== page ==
1. The Lamppost

 

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There’s a story that says Lewis specifically put the lamppost in Narnia because Tolkien said a good fantasy story would never have one. The sheer pettiness. What an icon. No fantasy story would have a lamppost? Well this one does! Please, TELL Lewis what his story can have. There’s no slowing him down. A lesson in spite we should really all take to heart.

 

 

2. Religion

 

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Tolkien was, as well as being a linguist and historian, quite Catholic, and Lewis found his philosophical suggestions appealing, becoming religious himself. Tolkien didn’t get what he wanted, though, because though Lewis became more religious, he was Protestant, and Tolkien didn’t at all appreciate how much religion was in Lewis’ books. Kinda played himself.

 

3. The Draft

 

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Apparently when Lewis first read his draft of The Lion, The Witch, and the Wardrobe to Tolkien and a croup of friends, Tolkien hated it. He thought it was terrible and combined too many mythologies. He wanted more consistent world building, and I don’t have a good source for this, but I’ve heard he even told Lewis to stop writing.

 

 

 

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Writers on Writing: Top 5 Craft Books by Famous Authors

5. Why I Write by George Orwell

 

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George Orwell outlines what he believes to be the four major motives for writing in Why I Write. They are sheer egoism, aesthetic enthusiasm, historical impulse, and political purpose. Orwell exemplifies all these traits in his own writing, and it is fascinating to see how he balances his passion for political reform with his artistic ambition.

“[T]he more one is conscious of one’s political bias, the more chance one has of acting politically without sacrificing one’s aesthetic and intellectual integrity.”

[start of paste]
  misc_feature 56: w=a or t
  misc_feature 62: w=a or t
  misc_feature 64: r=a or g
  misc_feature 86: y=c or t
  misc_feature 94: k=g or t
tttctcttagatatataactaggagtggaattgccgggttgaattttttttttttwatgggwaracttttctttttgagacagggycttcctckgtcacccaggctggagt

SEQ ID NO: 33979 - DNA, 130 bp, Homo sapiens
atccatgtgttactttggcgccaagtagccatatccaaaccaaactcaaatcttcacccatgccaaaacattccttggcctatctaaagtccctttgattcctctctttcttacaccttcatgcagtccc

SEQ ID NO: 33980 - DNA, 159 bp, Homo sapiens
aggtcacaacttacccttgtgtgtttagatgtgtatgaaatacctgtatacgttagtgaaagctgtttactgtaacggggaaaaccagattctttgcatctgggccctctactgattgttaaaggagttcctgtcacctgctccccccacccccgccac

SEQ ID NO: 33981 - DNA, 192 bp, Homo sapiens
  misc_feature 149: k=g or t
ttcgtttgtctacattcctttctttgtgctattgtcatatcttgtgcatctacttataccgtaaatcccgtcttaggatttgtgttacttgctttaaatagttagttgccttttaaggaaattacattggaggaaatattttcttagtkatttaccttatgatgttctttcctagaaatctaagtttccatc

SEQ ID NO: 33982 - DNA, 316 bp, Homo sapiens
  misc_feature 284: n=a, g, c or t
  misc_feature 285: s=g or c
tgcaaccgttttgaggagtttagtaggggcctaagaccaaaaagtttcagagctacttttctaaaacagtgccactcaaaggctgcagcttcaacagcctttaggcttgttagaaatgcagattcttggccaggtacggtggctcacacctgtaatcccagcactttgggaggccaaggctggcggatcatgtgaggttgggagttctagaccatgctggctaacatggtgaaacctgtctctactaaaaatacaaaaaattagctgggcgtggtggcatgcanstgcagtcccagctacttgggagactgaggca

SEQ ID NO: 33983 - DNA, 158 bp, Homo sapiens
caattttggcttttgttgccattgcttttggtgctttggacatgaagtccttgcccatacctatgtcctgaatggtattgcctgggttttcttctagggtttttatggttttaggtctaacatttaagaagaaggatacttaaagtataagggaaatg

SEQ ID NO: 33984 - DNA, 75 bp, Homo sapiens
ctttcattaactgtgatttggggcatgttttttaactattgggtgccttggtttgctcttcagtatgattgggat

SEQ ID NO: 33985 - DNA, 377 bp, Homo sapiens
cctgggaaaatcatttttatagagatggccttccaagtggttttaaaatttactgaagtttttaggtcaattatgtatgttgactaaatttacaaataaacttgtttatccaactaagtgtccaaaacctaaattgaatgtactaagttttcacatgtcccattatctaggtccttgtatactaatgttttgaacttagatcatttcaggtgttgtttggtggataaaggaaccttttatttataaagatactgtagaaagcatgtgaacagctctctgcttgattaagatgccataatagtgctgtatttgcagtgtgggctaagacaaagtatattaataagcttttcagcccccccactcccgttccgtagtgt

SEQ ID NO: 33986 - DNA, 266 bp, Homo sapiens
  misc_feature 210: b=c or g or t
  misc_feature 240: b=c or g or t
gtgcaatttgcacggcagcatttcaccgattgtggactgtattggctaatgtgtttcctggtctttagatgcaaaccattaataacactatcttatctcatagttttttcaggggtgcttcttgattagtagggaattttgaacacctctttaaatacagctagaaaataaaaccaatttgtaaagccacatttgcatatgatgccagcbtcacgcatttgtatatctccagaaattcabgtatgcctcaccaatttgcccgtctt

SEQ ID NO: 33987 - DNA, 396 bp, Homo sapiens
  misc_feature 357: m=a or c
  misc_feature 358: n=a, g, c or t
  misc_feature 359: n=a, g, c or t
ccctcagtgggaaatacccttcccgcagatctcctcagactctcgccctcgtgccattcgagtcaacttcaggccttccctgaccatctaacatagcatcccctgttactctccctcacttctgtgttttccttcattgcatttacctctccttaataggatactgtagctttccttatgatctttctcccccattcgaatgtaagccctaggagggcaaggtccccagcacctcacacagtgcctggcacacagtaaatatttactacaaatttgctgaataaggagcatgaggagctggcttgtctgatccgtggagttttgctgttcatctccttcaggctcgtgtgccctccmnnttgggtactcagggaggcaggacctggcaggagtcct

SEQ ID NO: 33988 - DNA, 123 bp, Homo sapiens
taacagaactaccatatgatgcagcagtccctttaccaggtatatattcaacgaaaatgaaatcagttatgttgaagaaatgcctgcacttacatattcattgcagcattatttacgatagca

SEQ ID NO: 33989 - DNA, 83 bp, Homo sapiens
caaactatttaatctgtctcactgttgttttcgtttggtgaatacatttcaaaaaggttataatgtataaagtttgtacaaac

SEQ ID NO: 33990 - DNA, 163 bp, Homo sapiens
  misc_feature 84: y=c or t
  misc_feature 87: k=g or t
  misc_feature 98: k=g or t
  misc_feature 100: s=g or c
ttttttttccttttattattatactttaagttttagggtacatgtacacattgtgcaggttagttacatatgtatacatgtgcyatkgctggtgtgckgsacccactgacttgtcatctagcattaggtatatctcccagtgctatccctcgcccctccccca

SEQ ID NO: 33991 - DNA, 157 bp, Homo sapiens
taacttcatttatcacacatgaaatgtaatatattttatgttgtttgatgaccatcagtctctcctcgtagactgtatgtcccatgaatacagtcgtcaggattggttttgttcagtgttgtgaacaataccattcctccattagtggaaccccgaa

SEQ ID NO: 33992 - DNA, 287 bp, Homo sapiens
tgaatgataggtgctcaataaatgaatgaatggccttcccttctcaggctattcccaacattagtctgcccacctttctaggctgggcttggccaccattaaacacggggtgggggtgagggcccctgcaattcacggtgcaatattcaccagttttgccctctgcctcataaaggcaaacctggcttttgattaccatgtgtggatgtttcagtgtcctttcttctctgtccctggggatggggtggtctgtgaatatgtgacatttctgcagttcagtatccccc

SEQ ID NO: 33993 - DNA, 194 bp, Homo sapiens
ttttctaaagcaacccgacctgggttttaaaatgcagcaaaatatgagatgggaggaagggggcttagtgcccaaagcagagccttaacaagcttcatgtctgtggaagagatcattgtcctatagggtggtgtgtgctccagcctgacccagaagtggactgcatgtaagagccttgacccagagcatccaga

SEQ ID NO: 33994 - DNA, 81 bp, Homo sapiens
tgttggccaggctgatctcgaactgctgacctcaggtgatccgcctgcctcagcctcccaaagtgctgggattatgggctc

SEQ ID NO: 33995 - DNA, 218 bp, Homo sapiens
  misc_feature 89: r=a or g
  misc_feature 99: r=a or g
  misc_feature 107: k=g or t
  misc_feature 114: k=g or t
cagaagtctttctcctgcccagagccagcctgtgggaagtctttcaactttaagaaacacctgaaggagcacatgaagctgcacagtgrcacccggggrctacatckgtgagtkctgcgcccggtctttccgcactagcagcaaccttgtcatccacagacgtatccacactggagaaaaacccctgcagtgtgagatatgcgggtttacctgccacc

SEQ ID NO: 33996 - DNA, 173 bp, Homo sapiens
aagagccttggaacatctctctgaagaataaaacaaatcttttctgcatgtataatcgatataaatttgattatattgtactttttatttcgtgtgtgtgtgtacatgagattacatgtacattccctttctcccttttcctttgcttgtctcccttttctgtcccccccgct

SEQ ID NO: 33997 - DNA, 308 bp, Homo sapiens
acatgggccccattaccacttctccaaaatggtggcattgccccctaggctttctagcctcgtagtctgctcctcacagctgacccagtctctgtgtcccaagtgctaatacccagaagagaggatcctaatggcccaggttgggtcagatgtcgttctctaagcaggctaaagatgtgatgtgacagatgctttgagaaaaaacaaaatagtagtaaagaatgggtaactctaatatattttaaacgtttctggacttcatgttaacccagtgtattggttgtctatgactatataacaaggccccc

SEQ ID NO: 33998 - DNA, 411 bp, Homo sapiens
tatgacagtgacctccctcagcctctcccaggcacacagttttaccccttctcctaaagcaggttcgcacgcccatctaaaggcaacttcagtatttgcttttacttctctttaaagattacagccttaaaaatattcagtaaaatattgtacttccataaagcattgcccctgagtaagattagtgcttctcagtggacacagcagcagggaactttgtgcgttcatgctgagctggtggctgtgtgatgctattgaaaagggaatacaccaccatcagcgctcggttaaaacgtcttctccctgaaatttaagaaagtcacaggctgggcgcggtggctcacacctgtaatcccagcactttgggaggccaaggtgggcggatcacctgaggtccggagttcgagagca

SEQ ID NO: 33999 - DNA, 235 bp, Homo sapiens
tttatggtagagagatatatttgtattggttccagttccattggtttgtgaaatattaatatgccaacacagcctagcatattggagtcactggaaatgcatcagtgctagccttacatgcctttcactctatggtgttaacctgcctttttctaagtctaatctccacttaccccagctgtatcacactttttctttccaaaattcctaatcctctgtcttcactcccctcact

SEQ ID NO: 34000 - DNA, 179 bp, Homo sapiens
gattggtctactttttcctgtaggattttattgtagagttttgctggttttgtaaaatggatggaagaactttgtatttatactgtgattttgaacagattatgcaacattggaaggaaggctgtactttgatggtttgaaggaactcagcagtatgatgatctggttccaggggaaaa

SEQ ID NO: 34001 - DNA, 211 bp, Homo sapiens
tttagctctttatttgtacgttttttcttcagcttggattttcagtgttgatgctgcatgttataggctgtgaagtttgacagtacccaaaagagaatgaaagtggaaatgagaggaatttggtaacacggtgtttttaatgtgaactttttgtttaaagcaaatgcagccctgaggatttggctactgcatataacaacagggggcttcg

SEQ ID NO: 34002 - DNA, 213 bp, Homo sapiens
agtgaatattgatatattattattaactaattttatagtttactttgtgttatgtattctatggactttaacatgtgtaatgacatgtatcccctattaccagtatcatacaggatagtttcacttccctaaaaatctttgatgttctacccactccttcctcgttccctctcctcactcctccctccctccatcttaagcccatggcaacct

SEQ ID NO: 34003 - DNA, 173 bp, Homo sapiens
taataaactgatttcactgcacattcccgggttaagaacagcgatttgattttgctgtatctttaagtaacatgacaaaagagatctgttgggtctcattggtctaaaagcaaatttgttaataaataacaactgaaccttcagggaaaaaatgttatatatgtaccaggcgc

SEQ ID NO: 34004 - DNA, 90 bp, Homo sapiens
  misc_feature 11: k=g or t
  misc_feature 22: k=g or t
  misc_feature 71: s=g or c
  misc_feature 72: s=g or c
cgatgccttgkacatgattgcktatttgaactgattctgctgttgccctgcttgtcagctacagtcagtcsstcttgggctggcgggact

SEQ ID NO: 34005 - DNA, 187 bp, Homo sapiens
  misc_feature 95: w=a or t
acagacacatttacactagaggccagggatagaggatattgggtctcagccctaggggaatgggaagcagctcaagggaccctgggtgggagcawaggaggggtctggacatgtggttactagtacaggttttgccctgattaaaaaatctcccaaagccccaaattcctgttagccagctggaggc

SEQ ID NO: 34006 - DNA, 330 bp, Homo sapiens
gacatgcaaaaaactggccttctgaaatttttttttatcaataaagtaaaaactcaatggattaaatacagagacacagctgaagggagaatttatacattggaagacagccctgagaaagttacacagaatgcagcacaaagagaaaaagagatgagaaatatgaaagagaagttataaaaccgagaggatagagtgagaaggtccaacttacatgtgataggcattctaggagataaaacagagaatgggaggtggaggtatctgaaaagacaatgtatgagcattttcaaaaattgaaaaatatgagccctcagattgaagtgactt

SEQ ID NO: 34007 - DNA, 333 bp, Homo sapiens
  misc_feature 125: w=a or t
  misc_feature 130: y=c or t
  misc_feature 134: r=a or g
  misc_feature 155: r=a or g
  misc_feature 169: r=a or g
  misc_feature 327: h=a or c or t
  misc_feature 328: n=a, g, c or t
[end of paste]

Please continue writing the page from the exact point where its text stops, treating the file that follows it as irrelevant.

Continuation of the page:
4. Zen in the Art of Writing by Ray Bradbury

 

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Ray Bradbury is one of the most inventive writers in recent history. His imaginative tales such as Fahrenheit 451 and The Martian Chronicles are renowned for their extravagant and poignant sci-fi scenarios. In Zen of Writing, Bradbury gives us a sneak peek into his whimsical thought process.

“You grow ravenous. You run fevers. You know exhilarations. You can’t sleep at night, because your beast-creature ideas want out and turn you in your bed. It is a grand way to live.”

 

3. Bird by Bird: Some Instructions on Writing and Life by Anne Lamott

 

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The title comes from a short anecdote Lamott shares about her ten-year-old brother who was tasked to write a report on birds. He had three months to write it, but he waited until the last day to complete it. Distraught and overwhelmed by the enormity of his task, Lamott’s father gave him the advice to take the project “bird by bird.” Bird by Bird: Some Instructions on Writing and Life is Anne Lamott’s attempt to understand what those words mean in relation to the process of writing.

“You own everything that happened to you. Tell your stories. If people wanted you to write warmly about them, they should have behaved better.”

 

 

2. On Writing: A Memoir of the Craft by Stephen King

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On Writing is part memoir, part master class. King recounts his childhood up to his early career where he struggled immensely as a writer. Interwoven throughout the book are invaluable pieces of advice that show how one’s personal biography is linked to their experience as a writer.

“Writing isn’t about making money, getting famous, getting dates, getting laid, or making friends. In the end, it’s about enriching the lives of those who will read your work, and enriching your own life, as well. It’s about getting up, getting well, and getting over. Getting happy, okay? Getting happy.”

 

1. Letters to a Young Poet by Rainer Maria Rilke

 

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In 1903, a young man sent a few of his poems to Rainer Maria Rilke to have them critiqued. What followed was a several-year-long correspondence in which Rilke expounded upon the merits of artistic integrity and the anxieties that every young writer must face in regard to criticism, self-doubt, sincerity, and much more.

“If your daily life seems poor, do not blame it; blame yourself, tell yourself that you are not poet enough to call forth its riches; for to the creator there is no poverty and no poor indifferent place.”